intellectual discourse


In the 1990s, when the Lebanese civil war was still a fresh memory, cultural products accused of “disturbing civil peace” began to disappear from the Lebanese scene. It proved to be a very flexible and useful category that included almost anything that touched on the war. I remember Robert Fisk’s Pity the Nation disappearing overnight from Beirut’s bookstores. Many blamed it on Syria at the time, but the heavy hand of censorship continues to strike today in Lebanon, the Middle East’s “only breathing space.”

This year’s Beirut International Film Festival promised to be the event of the year for film buffs. It kicked off with no less than Francis Ford Coppola coming to Lebanon to launch his latest film, Tetro. But the atmosphere soon soured when General Security prohibited the screening of two of Paolo Benvenuti’s films. The reason: they offend the church of the Middle Ages. The church here being the Catholic church, of course, because General Security based its decision upon consultation with the notorious Catholic Center for Media (المركز الكاثوليكي للاعلام), also behind the banning of Da Vinci Code.

But the story goes beyond the Catholic Center. Using the worn-out weapon of “safeguarding civil peace” — as if we needed the cinema to whip things up — General Security is now undermining the work of a promising young talent, Simon al-Habr. They have censored a crucial part of his documentary Samaan bil-Day`ah, which deals precisely with the memory of the civil war — a war we are allowed to commemorate but not to allowed to remember. The director has put the censored bit on youtube, so you can see for yourself how threatening it is (includes English subtitles).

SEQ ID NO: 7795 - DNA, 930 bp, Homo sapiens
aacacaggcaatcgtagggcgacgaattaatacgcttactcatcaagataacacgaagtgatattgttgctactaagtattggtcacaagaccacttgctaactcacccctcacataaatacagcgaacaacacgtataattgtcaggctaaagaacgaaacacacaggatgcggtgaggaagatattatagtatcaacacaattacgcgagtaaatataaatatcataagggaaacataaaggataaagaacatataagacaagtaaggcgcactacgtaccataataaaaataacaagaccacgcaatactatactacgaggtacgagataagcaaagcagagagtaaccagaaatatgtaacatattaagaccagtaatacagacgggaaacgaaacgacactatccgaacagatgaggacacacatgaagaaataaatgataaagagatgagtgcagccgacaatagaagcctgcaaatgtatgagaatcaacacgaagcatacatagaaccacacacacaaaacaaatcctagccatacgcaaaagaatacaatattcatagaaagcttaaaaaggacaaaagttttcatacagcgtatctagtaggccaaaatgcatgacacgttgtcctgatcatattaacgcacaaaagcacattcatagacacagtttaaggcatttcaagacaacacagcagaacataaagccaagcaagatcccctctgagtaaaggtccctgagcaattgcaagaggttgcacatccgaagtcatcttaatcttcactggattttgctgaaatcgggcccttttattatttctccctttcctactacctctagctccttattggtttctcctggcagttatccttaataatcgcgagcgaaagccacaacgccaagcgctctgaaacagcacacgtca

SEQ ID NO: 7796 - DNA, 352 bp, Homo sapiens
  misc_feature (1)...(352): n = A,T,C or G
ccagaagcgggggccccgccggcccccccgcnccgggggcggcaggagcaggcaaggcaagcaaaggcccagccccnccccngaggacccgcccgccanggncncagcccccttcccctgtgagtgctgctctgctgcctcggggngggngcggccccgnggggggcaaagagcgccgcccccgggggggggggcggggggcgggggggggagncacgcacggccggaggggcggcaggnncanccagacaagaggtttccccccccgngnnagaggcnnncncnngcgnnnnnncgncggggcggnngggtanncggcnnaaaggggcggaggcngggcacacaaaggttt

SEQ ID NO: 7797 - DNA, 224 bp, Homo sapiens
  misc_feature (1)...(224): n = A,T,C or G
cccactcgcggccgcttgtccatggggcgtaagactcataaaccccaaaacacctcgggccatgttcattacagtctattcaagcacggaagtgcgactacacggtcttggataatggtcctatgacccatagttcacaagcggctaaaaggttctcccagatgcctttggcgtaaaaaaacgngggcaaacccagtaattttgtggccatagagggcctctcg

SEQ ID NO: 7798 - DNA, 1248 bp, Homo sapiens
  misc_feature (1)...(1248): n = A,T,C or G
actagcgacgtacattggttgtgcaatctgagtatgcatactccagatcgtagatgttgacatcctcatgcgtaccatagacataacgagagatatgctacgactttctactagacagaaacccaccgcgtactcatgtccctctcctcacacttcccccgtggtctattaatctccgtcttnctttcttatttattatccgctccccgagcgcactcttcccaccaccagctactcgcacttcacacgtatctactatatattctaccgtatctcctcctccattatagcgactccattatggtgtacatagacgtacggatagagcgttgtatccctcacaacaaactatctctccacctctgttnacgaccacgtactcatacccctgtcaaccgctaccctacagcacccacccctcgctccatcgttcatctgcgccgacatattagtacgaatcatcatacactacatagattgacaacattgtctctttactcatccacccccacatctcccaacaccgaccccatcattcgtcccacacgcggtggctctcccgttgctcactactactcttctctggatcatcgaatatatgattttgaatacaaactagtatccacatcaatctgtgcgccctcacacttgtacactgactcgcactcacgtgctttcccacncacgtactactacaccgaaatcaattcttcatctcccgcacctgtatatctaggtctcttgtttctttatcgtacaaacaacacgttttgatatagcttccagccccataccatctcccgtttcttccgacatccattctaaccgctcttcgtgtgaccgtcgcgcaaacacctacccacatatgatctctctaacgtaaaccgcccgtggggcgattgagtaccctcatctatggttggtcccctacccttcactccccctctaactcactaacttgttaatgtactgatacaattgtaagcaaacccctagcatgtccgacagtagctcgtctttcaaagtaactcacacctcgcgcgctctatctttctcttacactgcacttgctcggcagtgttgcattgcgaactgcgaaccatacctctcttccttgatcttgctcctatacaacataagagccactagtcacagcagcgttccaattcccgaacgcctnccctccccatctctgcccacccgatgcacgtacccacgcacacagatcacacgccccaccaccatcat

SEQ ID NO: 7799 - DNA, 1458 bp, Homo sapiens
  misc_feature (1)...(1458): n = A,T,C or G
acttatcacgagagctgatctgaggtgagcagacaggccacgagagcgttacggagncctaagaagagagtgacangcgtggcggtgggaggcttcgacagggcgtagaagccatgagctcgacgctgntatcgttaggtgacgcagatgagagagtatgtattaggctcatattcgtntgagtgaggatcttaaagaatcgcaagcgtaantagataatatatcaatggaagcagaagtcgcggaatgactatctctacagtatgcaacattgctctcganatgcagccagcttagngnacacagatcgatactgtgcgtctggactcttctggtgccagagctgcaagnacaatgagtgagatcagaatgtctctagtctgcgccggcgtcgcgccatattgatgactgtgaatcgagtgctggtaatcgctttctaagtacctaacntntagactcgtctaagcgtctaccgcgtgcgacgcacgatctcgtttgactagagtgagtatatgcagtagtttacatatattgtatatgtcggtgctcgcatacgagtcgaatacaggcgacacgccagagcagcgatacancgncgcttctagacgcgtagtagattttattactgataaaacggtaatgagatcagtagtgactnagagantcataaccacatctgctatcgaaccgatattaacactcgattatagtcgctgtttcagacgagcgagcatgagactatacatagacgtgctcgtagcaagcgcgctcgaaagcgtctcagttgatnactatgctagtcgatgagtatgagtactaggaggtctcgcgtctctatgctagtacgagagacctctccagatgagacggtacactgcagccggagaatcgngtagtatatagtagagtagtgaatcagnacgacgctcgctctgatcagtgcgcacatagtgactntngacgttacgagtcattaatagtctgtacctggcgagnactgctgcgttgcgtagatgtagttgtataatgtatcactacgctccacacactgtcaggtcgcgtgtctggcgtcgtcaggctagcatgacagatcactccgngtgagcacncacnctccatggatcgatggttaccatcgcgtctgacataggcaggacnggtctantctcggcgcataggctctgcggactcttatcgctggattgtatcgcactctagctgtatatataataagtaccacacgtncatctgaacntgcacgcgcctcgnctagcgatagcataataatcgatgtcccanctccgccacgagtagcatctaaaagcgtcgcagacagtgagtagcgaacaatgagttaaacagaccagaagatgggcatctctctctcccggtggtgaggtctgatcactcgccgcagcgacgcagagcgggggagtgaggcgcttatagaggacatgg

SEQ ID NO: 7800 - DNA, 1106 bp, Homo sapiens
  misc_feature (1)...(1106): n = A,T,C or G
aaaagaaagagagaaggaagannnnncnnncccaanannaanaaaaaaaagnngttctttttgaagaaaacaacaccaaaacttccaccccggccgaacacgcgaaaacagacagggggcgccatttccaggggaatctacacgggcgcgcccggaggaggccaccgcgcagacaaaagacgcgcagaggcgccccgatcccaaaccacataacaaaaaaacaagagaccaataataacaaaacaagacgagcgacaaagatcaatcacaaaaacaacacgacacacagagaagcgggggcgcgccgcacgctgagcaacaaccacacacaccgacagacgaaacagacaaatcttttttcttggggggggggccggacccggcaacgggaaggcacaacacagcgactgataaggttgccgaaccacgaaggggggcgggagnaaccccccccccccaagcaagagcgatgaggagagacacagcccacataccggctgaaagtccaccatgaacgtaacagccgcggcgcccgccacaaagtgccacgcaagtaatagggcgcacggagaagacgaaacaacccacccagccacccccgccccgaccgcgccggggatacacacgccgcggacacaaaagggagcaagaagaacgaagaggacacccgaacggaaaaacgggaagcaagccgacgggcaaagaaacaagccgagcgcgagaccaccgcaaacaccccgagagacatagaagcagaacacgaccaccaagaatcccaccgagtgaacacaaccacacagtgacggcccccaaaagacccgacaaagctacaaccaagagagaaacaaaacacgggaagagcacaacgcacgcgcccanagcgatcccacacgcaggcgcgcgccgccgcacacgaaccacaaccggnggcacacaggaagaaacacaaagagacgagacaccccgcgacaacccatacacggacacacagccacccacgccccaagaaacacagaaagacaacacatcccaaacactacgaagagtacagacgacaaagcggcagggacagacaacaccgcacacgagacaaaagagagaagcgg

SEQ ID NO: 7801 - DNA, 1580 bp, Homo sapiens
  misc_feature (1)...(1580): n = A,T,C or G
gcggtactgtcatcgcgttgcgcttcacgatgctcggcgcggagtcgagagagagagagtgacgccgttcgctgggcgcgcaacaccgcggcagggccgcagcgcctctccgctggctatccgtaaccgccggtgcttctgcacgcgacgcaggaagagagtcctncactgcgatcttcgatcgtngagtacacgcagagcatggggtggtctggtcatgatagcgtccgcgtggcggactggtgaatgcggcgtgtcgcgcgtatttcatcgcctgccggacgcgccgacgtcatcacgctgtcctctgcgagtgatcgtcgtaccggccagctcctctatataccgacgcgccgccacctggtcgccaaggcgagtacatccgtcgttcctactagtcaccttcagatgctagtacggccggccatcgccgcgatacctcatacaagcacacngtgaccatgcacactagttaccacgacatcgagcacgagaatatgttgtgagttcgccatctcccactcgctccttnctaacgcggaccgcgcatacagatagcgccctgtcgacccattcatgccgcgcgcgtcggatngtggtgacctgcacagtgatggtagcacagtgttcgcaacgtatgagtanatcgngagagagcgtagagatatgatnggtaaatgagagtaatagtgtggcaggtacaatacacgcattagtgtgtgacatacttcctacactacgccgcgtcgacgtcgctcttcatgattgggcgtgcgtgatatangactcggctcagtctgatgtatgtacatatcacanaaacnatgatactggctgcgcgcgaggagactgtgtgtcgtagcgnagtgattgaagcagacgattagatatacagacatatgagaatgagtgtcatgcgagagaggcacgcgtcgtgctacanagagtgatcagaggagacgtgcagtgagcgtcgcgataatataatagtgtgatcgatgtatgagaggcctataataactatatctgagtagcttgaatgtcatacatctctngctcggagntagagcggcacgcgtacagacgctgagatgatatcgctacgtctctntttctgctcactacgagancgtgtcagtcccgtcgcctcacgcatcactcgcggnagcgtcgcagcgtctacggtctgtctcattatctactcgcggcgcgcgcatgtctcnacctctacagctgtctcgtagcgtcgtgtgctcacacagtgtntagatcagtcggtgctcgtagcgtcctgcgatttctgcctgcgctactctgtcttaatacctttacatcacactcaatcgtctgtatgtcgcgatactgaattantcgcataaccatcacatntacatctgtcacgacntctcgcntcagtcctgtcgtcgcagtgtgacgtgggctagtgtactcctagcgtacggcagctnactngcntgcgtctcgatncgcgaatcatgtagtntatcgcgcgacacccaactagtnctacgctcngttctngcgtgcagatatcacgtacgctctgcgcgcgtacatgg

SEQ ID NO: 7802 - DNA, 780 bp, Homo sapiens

In today’s al-Akhbar, Pierre Abi Saab rightfully points out the hypocrisy of the so-called “liberal” “intellectuals” in Lebanon who were quick to jump the gun when the censorship concerned Marjane Satrapi’s Persepolis, but remained silent about the undermining of local works such as al-Habr’s documentary and Mark Abi Rashid’s Help.

But I think there is another side to this. This censorship, like most censorship, is not only about the content. It is more about who is allowed to do the utterance. For what is utterly ridiculous about censoring al-Habr’s documentary in the name of “safeguarding civil peace” is that the censored recollection of the mountain war is nothing compared to the venom regularly spewed by Lebanese politicians when they evoke the civil war. And those politicians who wield violence, ironically (or not), seem to have more right to the molding of a collective memory of the war. What this kind of censorship effectively does is strip only us, the citizens, of this right.

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For some reason, some native intellectuals insist on adopting the reductionist model of backwardness vs. progress to explain politics in Lebanon today. The latest incarnation is an op-ed by Hazim Saghiyah (not to be confused with the nephew, Khalid) published in Meow Lebanon. Referring to an electoral speech delivered by Jubran Basil, Saghiyah explains: